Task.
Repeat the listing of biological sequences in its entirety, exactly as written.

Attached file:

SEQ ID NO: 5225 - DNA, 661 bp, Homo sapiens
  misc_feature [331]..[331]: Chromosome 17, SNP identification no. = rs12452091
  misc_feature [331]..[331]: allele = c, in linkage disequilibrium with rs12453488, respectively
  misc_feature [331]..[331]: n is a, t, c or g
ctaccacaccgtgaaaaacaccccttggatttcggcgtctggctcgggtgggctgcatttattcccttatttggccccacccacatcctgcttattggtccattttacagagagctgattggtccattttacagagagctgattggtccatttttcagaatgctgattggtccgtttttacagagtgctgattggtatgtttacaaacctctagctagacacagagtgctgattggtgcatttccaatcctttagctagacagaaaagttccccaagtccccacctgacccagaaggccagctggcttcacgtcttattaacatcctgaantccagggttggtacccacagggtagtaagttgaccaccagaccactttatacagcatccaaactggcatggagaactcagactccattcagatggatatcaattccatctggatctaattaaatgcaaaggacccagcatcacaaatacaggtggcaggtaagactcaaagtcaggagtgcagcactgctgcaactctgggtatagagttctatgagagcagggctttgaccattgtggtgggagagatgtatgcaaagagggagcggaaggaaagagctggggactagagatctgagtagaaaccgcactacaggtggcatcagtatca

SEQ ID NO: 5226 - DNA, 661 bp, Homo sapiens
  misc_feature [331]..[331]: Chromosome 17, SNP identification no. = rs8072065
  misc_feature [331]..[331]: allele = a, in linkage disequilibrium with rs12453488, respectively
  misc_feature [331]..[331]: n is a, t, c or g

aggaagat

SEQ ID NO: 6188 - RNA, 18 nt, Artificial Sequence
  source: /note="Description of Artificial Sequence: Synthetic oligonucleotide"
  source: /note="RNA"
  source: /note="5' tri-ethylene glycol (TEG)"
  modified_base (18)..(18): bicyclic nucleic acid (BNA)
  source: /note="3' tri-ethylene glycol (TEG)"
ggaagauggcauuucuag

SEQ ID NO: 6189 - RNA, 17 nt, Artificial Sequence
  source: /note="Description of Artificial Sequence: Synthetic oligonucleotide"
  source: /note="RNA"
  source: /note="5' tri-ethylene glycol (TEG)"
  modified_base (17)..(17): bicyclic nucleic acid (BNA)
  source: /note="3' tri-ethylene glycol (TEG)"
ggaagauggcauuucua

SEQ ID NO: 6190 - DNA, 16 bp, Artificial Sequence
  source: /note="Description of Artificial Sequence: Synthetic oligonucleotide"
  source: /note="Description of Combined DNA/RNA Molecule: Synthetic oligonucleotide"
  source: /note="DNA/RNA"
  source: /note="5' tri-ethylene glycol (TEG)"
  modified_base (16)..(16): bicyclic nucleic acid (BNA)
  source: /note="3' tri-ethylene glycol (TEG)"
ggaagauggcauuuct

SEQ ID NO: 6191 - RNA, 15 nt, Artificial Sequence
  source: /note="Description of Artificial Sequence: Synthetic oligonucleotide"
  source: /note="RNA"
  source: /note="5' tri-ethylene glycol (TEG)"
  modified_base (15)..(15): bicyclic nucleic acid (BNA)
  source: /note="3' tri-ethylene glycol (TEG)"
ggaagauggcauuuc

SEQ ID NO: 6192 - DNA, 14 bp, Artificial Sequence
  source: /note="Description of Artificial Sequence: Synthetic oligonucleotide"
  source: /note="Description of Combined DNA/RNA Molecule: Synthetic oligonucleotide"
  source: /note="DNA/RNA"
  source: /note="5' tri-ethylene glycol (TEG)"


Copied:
SEQ ID NO: 5225 - DNA, 661 bp, Homo sapiens
  misc_feature [331]..[331]: Chromosome 17, SNP identification no. = rs12452091
  misc_feature [331]..[331]: allele = c, in linkage disequilibrium with rs12453488, respectively
  misc_feature [331]..[331]: n is a, t, c or g
ctaccacaccgtgaaaaacaccccttggatttcggcgtctggctcgggtgggctgcatttattcccttatttggccccacccacatcctgcttattggtccattttacagagagctgattggtccattttacagagagctgattggtccatttttcagaatgctgattggtccgtttttacagagtgctgattggtatgtttacaaacctctagctagacacagagtgctgattggtgcatttccaatcctttagctagacagaaaagttccccaagtccccacctgacccagaaggccagctggcttcacgtcttattaacatcctgaantccagggttggtacccacagggtagtaagttgaccaccagaccactttatacagcatccaaactggcatggagaactcagactccattcagatggatatcaattccatctggatctaattaaatgcaaaggacccagcatcacaaatacaggtggcaggtaagactcaaagtcaggagtgcagcactgctgcaactctgggtatagagttctatgagagcagggctttgaccattgtggtgggagagatgtatgcaaagagggagcggaaggaaagagctggggactagagatctgagtagaaaccgcactacaggtggcatcagtatca

SEQ ID NO: 5226 - DNA, 661 bp, Homo sapiens
  misc_feature [331]..[331]: Chromosome 17, SNP identification no. = rs8072065
  misc_feature [331]..[331]: allele = a, in linkage disequilibrium with rs12453488, respectively
  misc_feature [331]..[331]: n is a, t, c or g

aggaagat

SEQ ID NO: 6188 - RNA, 18 nt, Artificial Sequence
  source: /note="Description of Artificial Sequence: Synthetic oligonucleotide"
  source: /note="RNA"
  source: /note="5' tri-ethylene glycol (TEG)"
  modified_base (18)..(18): bicyclic nucleic acid (BNA)
  source: /note="3' tri-ethylene glycol (TEG)"
ggaagauggcauuucuag

SEQ ID NO: 6189 - RNA, 17 nt, Artificial Sequence
  source: /note="Description of Artificial Sequence: Synthetic oligonucleotide"
  source: /note="RNA"
  source: /note="5' tri-ethylene glycol (TEG)"
  modified_base (17)..(17): bicyclic nucleic acid (BNA)
  source: /note="3' tri-ethylene glycol (TEG)"
ggaagauggcauuucua

SEQ ID NO: 6190 - DNA, 16 bp, Artificial Sequence
  source: /note="Description of Artificial Sequence: Synthetic oligonucleotide"
  source: /note="Description of Combined DNA/RNA Molecule: Synthetic oligonucleotide"
  source: /note="DNA/RNA"
  source: /note="5' tri-ethylene glycol (TEG)"
  modified_base (16)..(16): bicyclic nucleic acid (BNA)
  source: /note="3' tri-ethylene glycol (TEG)"
ggaagauggcauuuct

SEQ ID NO: 6191 - RNA, 15 nt, Artificial Sequence
  source: /note="Description of Artificial Sequence: Synthetic oligonucleotide"
  source: /note="RNA"
  source: /note="5' tri-ethylene glycol (TEG)"
  modified_base (15)..(15): bicyclic nucleic acid (BNA)
  source: /note="3' tri-ethylene glycol (TEG)"
ggaagauggcauuuc

SEQ ID NO: 6192 - DNA, 14 bp, Artificial Sequence
  source: /note="Description of Artificial Sequence: Synthetic oligonucleotide"
  source: /note="Description of Combined DNA/RNA Molecule: Synthetic oligonucleotide"
  source: /note="DNA/RNA"
  source: /note="5' tri-ethylene glycol (TEG)"